The UK’s Health and Safety Executive (HSE) has commissioned research into reported links between working night shifts and breast cancer in women in an attempt to establish whether working at night increases the risk of chronic disease.
A number of studies have suggested that women working night shifts may be more prone to breast cancer. Fresh research from Denmark, covering women who have worked in the country’s military, and published on Monday in the journal Occupational and Environmental Medicine, showed that night shift work was associated with a 40 percent increased risk of breast cancer.
Any results in the HSE study that strengthen the evidence of previous research would sharpen the debate over whether Britain should follow Denmark in compensating women who have worked night shifts for long periods.
The HSE, which says the risk is not yet established, has asked the cancer epidemiology unit at Oxford University to investigate the disruption caused to people’s body clocks by lifestyle and working patterns. It describes the work as complex and challenging.
The research, expected to be completed by the end of 2015, will include information from the Million Women Study, a national study of over-50s funded by Cancer Research UK and the Medical Research Council, as well as the HSE and Epic, the UK arm of a Europe-wide study into diet and cancer risk.
Women in England have a one-in-eight lifetime risk of developing breast cancer, with eight in 10 cases being diagnosed in women over 50.
The WHO’s International Agency for Research on Cancer said five years ago that working shifts that disrupted circadian rhythms was “probably” carcinogenic — a decision that first prompted Denmark to pay compensation to women claimants with breast cancer who had worked night shifts for longer than 20 years. The money has come through employers’ insurance.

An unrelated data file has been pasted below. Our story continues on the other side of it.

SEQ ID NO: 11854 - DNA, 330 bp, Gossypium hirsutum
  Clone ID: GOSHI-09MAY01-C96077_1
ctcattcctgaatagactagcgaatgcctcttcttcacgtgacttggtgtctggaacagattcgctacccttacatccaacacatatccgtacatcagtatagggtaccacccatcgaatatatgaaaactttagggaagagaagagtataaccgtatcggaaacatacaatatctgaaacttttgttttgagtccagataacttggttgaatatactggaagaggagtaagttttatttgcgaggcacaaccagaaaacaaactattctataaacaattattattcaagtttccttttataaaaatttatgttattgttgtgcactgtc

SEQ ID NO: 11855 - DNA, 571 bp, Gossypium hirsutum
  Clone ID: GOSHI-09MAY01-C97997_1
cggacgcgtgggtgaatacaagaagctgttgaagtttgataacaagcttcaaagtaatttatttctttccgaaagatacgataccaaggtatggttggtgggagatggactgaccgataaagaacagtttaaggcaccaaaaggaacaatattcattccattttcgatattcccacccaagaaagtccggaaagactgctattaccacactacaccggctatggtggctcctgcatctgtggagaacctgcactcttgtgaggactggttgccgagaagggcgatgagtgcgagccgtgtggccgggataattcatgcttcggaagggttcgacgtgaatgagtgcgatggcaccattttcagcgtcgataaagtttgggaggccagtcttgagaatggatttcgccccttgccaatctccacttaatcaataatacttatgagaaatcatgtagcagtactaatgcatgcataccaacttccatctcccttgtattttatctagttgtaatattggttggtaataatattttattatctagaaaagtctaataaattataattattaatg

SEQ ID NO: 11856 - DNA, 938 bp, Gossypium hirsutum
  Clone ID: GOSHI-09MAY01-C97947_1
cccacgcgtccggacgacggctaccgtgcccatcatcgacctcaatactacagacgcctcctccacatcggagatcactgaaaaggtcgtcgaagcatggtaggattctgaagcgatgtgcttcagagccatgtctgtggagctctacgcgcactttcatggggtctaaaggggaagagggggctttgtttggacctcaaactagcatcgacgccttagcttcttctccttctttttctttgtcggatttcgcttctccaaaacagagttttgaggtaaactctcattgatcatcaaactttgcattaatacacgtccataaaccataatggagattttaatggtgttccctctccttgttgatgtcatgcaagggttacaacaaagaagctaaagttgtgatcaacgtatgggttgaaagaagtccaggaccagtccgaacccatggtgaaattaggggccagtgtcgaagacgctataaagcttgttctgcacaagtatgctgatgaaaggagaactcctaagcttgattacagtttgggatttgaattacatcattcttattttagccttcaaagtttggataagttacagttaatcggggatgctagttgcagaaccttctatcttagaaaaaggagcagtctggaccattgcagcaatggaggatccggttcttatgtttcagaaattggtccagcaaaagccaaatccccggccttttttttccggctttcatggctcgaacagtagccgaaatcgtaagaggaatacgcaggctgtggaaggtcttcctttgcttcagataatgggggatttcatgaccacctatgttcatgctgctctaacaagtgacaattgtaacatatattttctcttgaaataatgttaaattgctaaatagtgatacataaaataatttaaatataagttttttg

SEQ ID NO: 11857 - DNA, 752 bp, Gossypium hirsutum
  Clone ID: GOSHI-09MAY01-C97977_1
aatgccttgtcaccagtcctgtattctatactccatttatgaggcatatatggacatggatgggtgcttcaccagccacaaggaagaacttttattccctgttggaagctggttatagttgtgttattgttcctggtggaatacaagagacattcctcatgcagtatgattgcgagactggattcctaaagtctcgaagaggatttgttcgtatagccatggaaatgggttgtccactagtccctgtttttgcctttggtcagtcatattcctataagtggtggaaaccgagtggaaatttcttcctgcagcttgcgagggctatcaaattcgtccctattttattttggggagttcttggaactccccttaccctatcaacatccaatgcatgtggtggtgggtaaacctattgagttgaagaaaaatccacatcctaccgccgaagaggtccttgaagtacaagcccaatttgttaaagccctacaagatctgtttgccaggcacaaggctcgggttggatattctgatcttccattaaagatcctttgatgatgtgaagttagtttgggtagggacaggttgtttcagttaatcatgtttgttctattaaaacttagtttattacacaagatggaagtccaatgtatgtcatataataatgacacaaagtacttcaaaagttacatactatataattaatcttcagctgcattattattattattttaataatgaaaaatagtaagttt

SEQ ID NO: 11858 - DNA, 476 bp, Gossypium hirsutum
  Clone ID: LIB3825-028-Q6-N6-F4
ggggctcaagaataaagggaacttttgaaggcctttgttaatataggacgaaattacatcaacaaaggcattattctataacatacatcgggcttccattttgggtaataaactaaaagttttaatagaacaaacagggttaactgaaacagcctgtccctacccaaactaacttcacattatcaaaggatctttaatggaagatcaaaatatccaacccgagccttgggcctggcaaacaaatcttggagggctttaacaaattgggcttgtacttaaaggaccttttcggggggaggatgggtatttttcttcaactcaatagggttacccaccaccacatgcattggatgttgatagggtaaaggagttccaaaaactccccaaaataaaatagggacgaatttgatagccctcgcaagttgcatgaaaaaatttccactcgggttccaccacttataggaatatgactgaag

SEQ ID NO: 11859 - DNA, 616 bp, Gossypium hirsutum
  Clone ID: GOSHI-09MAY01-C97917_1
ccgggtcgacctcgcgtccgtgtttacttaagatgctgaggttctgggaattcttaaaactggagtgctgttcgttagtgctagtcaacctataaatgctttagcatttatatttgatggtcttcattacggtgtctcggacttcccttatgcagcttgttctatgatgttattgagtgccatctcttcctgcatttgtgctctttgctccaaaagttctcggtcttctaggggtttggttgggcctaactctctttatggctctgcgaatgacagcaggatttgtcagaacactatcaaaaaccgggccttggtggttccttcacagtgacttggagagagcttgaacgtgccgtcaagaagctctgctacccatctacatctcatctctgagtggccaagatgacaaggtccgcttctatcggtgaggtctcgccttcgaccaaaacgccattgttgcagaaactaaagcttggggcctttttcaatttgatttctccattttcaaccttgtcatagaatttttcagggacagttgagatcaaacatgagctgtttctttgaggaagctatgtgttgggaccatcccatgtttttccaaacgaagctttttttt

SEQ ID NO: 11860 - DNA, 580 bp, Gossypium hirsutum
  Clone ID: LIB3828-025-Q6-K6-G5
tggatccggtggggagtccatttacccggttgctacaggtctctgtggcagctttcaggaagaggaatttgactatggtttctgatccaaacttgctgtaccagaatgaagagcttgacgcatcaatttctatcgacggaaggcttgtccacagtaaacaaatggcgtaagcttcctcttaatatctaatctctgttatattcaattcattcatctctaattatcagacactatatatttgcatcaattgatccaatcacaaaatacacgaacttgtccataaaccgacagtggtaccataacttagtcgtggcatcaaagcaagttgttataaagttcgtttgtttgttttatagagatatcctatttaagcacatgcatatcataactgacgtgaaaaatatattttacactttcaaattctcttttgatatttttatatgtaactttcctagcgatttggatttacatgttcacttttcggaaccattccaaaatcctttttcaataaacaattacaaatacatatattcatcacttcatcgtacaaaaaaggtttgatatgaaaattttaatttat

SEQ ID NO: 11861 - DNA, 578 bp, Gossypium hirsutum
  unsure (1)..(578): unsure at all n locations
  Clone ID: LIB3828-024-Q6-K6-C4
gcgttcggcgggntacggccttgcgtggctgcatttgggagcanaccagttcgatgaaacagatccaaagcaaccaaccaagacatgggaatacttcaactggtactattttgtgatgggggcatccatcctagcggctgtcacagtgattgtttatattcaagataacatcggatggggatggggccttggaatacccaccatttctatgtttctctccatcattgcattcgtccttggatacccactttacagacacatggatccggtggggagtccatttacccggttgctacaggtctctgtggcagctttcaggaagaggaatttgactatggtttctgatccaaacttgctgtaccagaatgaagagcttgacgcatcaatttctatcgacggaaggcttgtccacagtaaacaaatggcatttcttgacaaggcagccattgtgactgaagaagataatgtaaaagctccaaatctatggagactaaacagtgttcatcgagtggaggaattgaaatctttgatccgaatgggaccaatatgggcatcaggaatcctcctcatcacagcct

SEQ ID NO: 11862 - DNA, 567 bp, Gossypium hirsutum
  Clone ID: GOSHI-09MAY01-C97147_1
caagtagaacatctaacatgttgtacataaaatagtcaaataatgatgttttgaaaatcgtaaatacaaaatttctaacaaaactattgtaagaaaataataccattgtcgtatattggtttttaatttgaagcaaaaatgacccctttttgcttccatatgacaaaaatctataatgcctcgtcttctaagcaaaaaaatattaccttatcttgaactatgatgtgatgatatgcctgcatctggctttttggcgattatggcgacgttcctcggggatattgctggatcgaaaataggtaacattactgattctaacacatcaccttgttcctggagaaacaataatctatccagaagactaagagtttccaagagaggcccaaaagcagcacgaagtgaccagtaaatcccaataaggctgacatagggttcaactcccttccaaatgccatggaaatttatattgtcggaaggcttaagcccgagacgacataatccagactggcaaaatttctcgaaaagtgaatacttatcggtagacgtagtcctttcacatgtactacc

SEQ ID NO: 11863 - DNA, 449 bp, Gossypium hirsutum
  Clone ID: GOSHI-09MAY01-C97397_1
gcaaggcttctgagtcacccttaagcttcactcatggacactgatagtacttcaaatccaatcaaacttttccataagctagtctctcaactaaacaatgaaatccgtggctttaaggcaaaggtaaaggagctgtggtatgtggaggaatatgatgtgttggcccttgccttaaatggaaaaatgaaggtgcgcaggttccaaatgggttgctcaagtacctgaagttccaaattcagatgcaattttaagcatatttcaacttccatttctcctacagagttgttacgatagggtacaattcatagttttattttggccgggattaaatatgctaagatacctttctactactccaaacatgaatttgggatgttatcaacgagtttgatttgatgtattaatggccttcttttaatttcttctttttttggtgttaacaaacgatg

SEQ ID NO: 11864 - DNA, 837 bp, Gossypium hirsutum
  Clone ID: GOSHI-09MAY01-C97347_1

In the latest study, from the Danish Cancer Society’s Institute of Epidemiology, those who had worked nights at least three times a week for at least six years were more than twice as likely to have the disease as those who had not. However, there was “a neutral link” for those who worked only one or two night shifts per week.
The study also challenged a hypothesis that less exposure to the sun and vitamin D might be a risk factor for those women who worked night shifts. The researchers found that in fact night workers tended to sunbathe more than those who worked during the day.
However, night work cannot only disrupt body clocks and result in sleep deprivation. It has been argued that it also suppresses production of the hormone melatonin and other metabolic and physiological processes that may increase the growth of tumors.
“We need urgent advice from the HSE and government so that employers can reduce the risk of female workers developing breast cancer, for example by identifying safer shift patterns,” said Brendan Barber, general secretary of the TUC, the UK’s umbrella trade union organization.
Cancer Research UK’s health information officer, Sarah Williams, said: “Scientists still can’t say for certain whether regularly working night shifts increases a woman’s risk of developing breast cancer and this particular study doesn’t settle that debate.”
“Although this study found a higher risk for women working the greatest number of hours of night shifts altogether, they didn’t see a solid association if they analyzed the data in other ways, for example when they looked at how many years of night shifts women had worked. The evidence so far seems to point to a probable link, but we still need more research to understand how big the risk could be and how many years it would take to appear,” she said.